South African gold producer Harmony Gold Mining Company (NYSE:HMY) recorded earnings of 4 cents per share in the second quarter of fiscal 2010, significantly down from last year’s earnings of $1.27. However, reported earnings matched the Zacks Consensus Estimate.
Revenues were down 6% year over year to $397 million driven by lower gold production, while it improved 8.2% sequentially on a 15% rise in average gold prices to $1,100 per ounce from $957 per ounce in the reported quarter. Gold production for the quarter was down 1.2% from the previous quarter to 376,956 ounces, mainly due to restructuring.
Cost of sales increased 11.4% year over year to $355 million, while product cost was up 7% to $290 million. This resulted in a more than 50% decline in gross profit to $42 million in the reported quarter. Net cash utilized in operations after all capital expenditures was $93.4 million. Cash and cash equivalents amounted to $108 million as of December 31, 2009. Harmony Gold's restructuring actions have reflected in a net debt of about $50 million.
Harmony Gold is not expecting the next quarter to be any better. Management is guiding for flat production in the upcoming quarter even in the face of Papua New Guinea production expanding, implying continued disappointing output from South Africa. The company confirmed that a shaft at its Evander pit has been closed (three months prior to expectations) and that lower production would continue at Virginia, following the restructuring of a shaft.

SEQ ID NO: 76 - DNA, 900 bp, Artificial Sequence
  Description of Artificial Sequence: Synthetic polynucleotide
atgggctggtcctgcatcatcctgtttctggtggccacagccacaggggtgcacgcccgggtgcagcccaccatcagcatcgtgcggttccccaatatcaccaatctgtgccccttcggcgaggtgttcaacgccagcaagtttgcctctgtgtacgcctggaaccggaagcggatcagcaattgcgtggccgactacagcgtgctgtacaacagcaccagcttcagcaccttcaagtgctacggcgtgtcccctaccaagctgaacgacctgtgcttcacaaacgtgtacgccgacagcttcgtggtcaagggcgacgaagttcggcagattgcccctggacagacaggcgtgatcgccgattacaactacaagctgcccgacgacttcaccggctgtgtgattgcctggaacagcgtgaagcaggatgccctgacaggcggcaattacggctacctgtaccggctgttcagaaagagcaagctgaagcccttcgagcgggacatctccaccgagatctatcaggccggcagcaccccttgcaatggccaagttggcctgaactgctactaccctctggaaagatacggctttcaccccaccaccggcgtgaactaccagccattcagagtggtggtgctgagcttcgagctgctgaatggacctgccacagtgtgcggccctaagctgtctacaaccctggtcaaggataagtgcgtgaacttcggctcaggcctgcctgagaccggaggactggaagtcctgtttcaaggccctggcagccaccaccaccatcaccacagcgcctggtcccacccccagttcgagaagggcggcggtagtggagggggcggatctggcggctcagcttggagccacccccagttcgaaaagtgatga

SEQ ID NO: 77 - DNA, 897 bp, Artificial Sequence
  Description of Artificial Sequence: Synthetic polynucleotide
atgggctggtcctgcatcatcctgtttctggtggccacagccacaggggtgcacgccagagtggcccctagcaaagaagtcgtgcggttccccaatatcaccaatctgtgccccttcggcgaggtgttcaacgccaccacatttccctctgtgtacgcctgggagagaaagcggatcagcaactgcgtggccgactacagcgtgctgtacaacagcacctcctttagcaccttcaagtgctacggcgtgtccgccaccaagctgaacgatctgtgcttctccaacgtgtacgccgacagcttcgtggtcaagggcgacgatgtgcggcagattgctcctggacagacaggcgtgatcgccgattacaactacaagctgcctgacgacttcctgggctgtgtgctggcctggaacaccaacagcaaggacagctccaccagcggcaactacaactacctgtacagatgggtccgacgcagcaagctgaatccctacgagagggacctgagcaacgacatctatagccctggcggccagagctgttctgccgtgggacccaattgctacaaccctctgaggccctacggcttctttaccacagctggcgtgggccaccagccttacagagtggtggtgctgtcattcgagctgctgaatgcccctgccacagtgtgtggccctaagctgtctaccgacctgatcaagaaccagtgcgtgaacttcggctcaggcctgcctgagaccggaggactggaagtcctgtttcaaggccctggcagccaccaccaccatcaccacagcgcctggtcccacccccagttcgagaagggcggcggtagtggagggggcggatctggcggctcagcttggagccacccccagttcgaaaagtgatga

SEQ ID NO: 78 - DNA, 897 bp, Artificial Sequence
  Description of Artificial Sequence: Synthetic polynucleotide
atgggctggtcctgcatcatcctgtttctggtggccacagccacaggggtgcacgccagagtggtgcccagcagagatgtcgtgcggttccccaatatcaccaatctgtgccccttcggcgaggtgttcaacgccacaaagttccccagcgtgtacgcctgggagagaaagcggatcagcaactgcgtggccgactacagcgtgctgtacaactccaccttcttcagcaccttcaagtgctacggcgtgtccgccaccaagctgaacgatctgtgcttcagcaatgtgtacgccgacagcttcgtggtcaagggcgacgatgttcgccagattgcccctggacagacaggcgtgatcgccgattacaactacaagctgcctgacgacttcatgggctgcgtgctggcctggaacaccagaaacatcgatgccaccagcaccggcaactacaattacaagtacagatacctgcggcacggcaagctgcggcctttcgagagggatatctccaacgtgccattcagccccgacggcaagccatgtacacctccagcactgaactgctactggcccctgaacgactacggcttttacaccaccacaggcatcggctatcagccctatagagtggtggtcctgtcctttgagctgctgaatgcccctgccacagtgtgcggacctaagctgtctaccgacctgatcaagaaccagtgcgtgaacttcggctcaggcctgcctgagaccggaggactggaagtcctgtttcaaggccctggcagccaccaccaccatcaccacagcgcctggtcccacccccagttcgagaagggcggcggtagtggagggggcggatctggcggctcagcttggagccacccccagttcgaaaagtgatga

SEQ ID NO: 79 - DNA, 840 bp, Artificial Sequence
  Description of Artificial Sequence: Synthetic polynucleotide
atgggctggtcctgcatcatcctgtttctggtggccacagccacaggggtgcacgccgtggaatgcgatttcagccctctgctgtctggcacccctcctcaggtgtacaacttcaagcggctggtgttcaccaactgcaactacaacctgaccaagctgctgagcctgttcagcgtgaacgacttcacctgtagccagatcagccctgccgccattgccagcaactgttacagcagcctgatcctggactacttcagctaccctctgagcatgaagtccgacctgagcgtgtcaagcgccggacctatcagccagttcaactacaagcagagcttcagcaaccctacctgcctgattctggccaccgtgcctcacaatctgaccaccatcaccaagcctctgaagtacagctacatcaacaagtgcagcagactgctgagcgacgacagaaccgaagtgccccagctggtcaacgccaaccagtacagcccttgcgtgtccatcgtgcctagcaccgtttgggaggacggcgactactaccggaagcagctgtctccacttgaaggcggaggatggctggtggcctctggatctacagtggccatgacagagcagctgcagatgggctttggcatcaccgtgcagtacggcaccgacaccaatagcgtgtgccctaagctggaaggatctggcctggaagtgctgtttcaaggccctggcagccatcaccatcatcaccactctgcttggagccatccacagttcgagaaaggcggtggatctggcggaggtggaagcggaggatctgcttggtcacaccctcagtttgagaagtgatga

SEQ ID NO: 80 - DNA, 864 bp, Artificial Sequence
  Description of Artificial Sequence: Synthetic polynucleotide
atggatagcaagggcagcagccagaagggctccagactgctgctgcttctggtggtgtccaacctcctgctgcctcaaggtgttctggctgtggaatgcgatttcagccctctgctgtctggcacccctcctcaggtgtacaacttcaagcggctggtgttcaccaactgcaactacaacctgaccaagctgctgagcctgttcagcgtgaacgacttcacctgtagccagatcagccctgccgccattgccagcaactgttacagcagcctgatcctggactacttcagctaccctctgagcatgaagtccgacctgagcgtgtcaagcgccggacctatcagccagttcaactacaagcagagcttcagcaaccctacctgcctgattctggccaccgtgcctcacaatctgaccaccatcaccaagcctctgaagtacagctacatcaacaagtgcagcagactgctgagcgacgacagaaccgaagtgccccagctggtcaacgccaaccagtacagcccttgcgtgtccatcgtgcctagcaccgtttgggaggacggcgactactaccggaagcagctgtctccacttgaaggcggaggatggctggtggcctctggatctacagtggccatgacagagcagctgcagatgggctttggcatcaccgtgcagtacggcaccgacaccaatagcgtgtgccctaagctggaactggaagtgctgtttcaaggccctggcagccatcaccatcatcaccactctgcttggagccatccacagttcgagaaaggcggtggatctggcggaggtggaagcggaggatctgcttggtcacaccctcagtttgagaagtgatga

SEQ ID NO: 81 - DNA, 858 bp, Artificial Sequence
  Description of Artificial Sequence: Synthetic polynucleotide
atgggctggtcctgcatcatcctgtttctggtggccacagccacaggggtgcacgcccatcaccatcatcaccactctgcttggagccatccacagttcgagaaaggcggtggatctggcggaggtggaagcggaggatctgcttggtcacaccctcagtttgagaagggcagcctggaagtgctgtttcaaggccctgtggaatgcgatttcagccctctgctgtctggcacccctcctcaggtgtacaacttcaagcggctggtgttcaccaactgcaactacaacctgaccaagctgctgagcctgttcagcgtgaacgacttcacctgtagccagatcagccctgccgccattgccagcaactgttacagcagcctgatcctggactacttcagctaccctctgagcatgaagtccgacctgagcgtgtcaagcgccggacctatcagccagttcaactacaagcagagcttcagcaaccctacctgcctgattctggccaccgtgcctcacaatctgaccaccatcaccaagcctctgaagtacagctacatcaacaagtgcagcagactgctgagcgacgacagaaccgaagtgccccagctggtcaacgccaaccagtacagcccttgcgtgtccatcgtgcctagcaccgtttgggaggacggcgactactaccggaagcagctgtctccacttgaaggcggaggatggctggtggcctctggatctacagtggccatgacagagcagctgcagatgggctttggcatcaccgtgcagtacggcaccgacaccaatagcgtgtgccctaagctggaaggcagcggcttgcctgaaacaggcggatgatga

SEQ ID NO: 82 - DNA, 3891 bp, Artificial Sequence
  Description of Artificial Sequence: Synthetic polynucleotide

The company is expecting a 25% increase in power cost and a royalty payment from the fourth quarter of fiscal 2010. We expect Harmony Gold’s profitability to decline in the near term with lower production and higher unit costs. Given that Harmony Gold had rolled onto summer electricity tariffs (expected saving of approximately $10.7 million), we believe the decrease in total operation costs of $3 million is disappointing.
Harmony Gold is the world's fifth-largest gold mining company, and has operations in South Africa and Papua New Guinea. It produces about 1.5 million ounces of gold per annum (primarily from South Africa).
The company has now completed an internal re-structuring, which should deliver growth at increasing margins, going forward. Growth should be delivered from the development of five large-scale projects in South Africa and Papua New Guinea, which together will exploit 20 million life-of-mine ounces.
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